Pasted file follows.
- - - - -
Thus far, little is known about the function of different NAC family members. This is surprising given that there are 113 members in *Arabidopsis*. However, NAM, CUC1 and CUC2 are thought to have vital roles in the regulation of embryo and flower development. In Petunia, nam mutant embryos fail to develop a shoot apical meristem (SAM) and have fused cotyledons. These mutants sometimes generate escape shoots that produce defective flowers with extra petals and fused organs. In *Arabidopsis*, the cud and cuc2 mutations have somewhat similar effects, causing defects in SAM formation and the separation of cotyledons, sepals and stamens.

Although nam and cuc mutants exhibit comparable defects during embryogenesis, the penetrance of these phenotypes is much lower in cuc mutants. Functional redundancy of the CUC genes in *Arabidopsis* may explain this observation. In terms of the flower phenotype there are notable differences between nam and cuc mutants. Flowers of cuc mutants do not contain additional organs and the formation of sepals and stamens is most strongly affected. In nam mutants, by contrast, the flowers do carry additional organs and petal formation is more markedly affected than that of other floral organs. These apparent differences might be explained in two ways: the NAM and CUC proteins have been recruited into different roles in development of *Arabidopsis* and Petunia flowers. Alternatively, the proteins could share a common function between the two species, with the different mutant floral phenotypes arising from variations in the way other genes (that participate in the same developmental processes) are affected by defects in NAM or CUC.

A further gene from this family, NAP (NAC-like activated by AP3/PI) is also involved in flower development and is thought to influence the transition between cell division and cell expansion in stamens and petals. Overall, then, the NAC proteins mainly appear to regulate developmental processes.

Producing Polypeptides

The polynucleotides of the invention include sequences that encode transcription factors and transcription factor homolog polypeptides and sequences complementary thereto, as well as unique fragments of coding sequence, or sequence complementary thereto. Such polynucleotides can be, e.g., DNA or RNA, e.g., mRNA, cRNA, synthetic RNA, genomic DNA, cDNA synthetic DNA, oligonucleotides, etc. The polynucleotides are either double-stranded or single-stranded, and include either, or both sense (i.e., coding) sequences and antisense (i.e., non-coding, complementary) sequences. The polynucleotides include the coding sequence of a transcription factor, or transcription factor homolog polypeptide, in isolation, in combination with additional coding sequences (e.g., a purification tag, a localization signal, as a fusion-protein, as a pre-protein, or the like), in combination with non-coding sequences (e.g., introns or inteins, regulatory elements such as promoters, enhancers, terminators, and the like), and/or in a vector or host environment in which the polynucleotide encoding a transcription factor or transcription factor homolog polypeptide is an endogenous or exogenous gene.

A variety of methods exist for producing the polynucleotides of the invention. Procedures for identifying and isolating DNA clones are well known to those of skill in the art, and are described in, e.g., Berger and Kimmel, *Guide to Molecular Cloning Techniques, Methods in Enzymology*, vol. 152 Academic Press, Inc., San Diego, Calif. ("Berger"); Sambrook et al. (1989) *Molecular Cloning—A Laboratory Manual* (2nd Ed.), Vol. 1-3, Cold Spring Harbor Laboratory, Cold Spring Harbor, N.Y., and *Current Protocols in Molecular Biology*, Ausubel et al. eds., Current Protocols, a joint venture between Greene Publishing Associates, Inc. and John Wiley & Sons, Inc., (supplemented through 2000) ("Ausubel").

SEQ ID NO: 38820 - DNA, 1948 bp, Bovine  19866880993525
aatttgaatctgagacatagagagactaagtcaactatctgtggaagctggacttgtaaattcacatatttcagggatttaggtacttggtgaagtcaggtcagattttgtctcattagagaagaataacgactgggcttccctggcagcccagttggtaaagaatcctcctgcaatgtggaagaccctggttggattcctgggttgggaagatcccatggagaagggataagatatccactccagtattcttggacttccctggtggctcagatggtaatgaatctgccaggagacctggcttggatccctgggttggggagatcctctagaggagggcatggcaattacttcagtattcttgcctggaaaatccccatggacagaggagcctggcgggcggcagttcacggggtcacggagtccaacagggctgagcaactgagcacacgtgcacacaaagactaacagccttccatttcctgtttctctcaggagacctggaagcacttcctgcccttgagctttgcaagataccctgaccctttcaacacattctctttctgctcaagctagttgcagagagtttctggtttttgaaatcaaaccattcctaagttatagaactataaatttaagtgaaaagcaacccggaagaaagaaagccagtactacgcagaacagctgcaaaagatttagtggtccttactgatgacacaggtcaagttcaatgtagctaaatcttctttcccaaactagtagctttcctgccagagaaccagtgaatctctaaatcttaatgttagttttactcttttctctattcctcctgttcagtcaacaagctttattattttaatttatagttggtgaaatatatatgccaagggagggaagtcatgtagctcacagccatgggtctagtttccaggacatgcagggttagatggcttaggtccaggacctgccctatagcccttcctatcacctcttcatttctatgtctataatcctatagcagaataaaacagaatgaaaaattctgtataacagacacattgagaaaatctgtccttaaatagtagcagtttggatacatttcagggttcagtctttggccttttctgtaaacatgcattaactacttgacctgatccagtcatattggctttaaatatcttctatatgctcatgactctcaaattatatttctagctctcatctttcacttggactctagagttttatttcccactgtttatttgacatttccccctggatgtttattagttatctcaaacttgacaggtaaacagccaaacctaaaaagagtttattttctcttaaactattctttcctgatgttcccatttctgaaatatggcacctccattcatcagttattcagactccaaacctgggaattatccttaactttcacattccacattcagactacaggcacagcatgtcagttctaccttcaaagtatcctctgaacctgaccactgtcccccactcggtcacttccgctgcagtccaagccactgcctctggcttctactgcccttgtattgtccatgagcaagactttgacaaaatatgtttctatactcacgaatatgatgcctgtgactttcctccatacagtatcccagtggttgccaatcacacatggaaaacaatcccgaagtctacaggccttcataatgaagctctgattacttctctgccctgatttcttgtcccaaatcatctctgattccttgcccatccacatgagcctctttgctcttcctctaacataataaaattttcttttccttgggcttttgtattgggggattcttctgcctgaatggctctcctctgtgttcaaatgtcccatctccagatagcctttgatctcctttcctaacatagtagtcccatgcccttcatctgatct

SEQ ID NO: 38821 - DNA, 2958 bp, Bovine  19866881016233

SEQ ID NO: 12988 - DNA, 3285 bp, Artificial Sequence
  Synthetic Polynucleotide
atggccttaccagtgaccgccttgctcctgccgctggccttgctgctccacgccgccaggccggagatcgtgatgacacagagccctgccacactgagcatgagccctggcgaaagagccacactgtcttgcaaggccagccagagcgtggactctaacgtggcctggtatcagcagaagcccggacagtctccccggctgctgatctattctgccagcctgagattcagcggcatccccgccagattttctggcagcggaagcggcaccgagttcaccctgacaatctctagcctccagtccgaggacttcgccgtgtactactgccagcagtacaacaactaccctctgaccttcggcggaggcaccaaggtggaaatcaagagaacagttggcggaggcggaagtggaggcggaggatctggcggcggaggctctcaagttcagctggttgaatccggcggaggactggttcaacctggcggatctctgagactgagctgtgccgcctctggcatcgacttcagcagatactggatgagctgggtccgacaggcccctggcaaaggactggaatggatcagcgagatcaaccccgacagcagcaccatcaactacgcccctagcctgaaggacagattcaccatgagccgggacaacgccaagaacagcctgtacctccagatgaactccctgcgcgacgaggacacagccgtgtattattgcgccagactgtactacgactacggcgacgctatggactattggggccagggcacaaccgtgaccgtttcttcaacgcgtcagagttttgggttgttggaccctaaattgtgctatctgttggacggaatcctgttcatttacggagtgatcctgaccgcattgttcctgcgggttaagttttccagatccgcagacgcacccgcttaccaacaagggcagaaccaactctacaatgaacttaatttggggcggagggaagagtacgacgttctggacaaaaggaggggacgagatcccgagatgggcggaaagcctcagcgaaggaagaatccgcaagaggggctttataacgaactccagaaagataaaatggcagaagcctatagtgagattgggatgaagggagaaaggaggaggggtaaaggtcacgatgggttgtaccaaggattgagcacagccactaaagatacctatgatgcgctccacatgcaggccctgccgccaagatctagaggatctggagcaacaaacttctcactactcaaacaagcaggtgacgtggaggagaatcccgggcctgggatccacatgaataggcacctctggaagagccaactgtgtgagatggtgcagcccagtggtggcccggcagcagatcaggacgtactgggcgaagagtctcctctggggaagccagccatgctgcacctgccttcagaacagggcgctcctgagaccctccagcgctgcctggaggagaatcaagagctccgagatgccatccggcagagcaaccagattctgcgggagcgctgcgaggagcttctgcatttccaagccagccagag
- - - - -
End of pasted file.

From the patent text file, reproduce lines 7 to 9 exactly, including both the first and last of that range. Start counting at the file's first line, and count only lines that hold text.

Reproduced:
SEQ ID NO: 38820 - DNA, 1948 bp, Bovine  19866880993525
aatttgaatctgagacatagagagactaagtcaactatctgtggaagctggacttgtaaattcacatatttcagggatttaggtacttggtgaagtcaggtcagattttgtctcattagagaagaataacgactgggcttccctggcagcccagttggtaaagaatcctcctgcaatgtggaagaccctggttggattcctgggttgggaagatcccatggagaagggataagatatccactccagtattcttggacttccctggtggctcagatggtaatgaatctgccaggagacctggcttggatccctgggttggggagatcctctagaggagggcatggcaattacttcagtattcttgcctggaaaatccccatggacagaggagcctggcgggcggcagttcacggggtcacggagtccaacagggctgagcaactgagcacacgtgcacacaaagactaacagccttccatttcctgtttctctcaggagacctggaagcacttcctgcccttgagctttgcaagataccctgaccctttcaacacattctctttctgctcaagctagttgcagagagtttctggtttttgaaatcaaaccattcctaagttatagaactataaatttaagtgaaaagcaacccggaagaaagaaagccagtactacgcagaacagctgcaaaagatttagtggtccttactgatgacacaggtcaagttcaatgtagctaaatcttctttcccaaactagtagctttcctgccagagaaccagtgaatctctaaatcttaatgttagttttactcttttctctattcctcctgttcagtcaacaagctttattattttaatttatagttggtgaaatatatatgccaagggagggaagtcatgtagctcacagccatgggtctagtttccaggacatgcagggttagatggcttaggtccaggacctgccctatagcccttcctatcacctcttcatttctatgtctataatcctatagcagaataaaacagaatgaaaaattctgtataacagacacattgagaaaatctgtccttaaatagtagcagtttggatacatttcagggttcagtctttggccttttctgtaaacatgcattaactacttgacctgatccagtcatattggctttaaatatcttctatatgctcatgactctcaaattatatttctagctctcatctttcacttggactctagagttttatttcccactgtttatttgacatttccccctggatgtttattagttatctcaaacttgacaggtaaacagccaaacctaaaaagagtttattttctcttaaactattctttcctgatgttcccatttctgaaatatggcacctccattcatcagttattcagactccaaacctgggaattatccttaactttcacattccacattcagactacaggcacagcatgtcagttctaccttcaaagtatcctctgaacctgaccactgtcccccactcggtcacttccgctgcagtccaagccactgcctctggcttctactgcccttgtattgtccatgagcaagactttgacaaaatatgtttctatactcacgaatatgatgcctgtgactttcctccatacagtatcccagtggttgccaatcacacatggaaaacaatcccgaagtctacaggccttcataatgaagctctgattacttctctgccctgatttcttgtcccaaatcatctctgattccttgcccatccacatgagcctctttgctcttcctctaacataataaaattttcttttccttgggcttttgtattgggggattcttctgcctgaatggctctcctctgtgttcaaatgtcccatctccagatagcctttgatctcctttcctaacatagtagtcccatgcccttcatctgatct

SEQ ID NO: 38821 - DNA, 2958 bp, Bovine  19866881016233